Paul follows up with a third example to demonstrate how absurd — and counterproductive to the objective of defending Israel’s position of blessing — it would be to accuse God of unrighteousness on the basis that He blessed those who had no merit. Did they not remember what God had said to Moses in the wilderness? ‘I will shew mercy to whom I will shew mercy, and I will feel compassion for whom I will feel compassion’ (v. 15). This statement was made in Exodus 33 after Israel had broken the law and worshipped the golden calf and in doing so had broken the covenant and forfeited all its privileges. God could have consumed them in a moment. But He did not do so. He showed mercy. And on what basis? It could not have been merit because they had none. It was on the basis of His own pure inexplicable will. Surely, the Jews had accepted this fact; it was just that they had not realised, or had lost consciousness of, the principle implied, namely mercy that is not dependent on the actions, or even the will, of those who receive it (v. 16).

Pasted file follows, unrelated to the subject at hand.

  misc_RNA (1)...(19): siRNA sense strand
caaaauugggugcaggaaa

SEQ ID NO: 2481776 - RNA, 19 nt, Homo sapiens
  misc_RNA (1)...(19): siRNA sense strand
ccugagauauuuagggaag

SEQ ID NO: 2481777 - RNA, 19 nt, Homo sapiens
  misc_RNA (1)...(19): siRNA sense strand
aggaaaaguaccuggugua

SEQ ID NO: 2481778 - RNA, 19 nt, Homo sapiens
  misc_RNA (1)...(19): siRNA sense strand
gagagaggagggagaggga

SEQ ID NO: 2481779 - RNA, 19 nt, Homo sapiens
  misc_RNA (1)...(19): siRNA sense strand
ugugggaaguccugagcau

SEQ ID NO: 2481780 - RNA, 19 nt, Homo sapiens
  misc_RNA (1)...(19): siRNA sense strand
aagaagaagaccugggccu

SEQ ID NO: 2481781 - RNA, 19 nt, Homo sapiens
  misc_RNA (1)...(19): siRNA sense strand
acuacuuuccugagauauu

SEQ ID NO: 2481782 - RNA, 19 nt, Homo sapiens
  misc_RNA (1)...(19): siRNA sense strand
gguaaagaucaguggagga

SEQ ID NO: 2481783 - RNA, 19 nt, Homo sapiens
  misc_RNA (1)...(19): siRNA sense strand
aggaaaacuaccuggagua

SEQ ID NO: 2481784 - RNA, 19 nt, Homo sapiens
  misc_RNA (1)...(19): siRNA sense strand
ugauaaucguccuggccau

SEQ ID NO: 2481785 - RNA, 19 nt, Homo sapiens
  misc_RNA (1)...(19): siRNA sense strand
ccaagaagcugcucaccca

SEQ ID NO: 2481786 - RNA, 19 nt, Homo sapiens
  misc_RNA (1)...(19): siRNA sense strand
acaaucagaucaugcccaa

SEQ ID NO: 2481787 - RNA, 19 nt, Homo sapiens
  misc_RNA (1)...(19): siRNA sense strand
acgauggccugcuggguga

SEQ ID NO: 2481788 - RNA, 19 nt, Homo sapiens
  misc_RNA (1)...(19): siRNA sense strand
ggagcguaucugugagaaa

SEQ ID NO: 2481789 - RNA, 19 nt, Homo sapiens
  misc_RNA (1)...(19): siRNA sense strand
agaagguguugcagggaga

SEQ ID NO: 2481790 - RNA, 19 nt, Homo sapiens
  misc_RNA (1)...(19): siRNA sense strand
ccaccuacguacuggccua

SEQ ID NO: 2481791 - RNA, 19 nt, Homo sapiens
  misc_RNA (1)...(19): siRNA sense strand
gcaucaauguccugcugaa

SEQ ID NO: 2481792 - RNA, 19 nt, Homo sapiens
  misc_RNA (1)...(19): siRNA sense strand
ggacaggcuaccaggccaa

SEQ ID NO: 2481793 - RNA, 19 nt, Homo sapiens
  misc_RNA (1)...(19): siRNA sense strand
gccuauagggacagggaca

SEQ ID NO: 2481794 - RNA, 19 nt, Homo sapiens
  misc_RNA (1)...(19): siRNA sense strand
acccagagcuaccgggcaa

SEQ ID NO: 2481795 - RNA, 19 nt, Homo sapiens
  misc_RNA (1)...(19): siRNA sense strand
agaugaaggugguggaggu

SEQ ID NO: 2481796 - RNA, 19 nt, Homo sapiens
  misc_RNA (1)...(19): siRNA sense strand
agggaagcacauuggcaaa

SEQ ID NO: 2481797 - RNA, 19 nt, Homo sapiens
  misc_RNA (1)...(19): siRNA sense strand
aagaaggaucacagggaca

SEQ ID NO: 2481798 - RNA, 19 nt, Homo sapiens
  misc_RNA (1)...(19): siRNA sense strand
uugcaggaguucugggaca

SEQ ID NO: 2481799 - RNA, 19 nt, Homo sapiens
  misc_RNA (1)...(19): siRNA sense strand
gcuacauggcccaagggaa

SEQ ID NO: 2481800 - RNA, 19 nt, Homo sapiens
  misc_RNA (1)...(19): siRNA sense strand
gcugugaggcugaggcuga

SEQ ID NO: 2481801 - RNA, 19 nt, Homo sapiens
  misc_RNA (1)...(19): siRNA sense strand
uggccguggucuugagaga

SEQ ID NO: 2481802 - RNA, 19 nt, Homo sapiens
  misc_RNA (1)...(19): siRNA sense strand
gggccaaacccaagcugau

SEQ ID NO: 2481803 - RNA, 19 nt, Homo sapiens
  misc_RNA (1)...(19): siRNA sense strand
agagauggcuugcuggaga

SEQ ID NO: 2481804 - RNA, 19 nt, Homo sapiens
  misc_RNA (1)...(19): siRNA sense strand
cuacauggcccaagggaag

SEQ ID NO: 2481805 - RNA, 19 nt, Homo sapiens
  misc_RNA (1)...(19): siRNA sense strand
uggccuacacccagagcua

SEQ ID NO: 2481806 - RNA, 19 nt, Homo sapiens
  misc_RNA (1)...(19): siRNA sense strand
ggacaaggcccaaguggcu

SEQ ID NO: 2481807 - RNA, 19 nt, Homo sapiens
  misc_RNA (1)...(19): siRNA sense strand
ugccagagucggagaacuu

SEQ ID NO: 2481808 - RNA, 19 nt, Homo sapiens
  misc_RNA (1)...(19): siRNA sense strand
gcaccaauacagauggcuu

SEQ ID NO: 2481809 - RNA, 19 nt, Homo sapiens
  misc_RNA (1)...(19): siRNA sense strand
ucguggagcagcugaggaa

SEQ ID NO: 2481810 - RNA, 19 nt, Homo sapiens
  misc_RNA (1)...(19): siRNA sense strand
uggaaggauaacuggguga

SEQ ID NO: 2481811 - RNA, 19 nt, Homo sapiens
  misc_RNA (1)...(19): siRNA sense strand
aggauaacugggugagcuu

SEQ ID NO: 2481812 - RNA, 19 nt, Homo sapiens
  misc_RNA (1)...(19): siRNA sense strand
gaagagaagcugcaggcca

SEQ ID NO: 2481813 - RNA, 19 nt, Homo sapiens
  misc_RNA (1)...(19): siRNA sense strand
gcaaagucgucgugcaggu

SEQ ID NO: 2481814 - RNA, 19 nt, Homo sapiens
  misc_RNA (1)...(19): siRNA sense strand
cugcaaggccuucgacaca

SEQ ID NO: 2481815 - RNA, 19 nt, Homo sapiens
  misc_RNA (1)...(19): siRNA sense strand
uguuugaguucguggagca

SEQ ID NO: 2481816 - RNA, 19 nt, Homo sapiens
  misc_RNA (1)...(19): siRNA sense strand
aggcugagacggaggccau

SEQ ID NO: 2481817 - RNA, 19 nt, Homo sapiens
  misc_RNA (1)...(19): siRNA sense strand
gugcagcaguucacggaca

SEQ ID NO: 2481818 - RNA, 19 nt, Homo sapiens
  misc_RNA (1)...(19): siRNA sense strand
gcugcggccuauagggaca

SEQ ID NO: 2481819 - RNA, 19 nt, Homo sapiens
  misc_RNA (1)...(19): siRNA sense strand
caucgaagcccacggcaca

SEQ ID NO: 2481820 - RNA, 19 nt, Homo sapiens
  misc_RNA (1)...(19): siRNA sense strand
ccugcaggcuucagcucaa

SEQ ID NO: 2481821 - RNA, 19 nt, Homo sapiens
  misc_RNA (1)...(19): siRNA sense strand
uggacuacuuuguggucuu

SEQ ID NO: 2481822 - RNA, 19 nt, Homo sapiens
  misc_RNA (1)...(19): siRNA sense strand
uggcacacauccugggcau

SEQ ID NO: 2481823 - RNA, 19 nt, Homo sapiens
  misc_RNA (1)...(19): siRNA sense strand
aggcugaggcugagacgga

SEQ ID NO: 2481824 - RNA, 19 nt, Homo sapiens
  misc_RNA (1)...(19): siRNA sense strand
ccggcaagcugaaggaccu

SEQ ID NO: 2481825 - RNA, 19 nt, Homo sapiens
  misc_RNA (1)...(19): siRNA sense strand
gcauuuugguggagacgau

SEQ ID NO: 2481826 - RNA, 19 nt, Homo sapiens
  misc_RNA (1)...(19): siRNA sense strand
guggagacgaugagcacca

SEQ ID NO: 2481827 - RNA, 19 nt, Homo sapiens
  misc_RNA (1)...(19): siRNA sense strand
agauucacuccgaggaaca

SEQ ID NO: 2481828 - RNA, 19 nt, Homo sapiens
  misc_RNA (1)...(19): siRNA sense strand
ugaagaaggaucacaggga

Therefore, if they objected to Gentiles being blessed on the basis of pure mercy they would need to object to their own blessing, which was based on mercy just the same.
Example 4: Pharaoh
The fourth example goes a step further. The case of Pharaoh is adduced in order to demonstrate a further aspect of God’s sovereignty. The concluding statement of this section is: ‘So then, to whom he will he shews mercy, and whom he will he hardens’ (v. 18). The first part of this sentence we have already seen illustrated by the cases of Isaac, Jacob, and Israel. All had received unmerited mercy. But the last part of verse 18 poses an even greater challenge, at least at first sight: ‘whom he will he hardens’.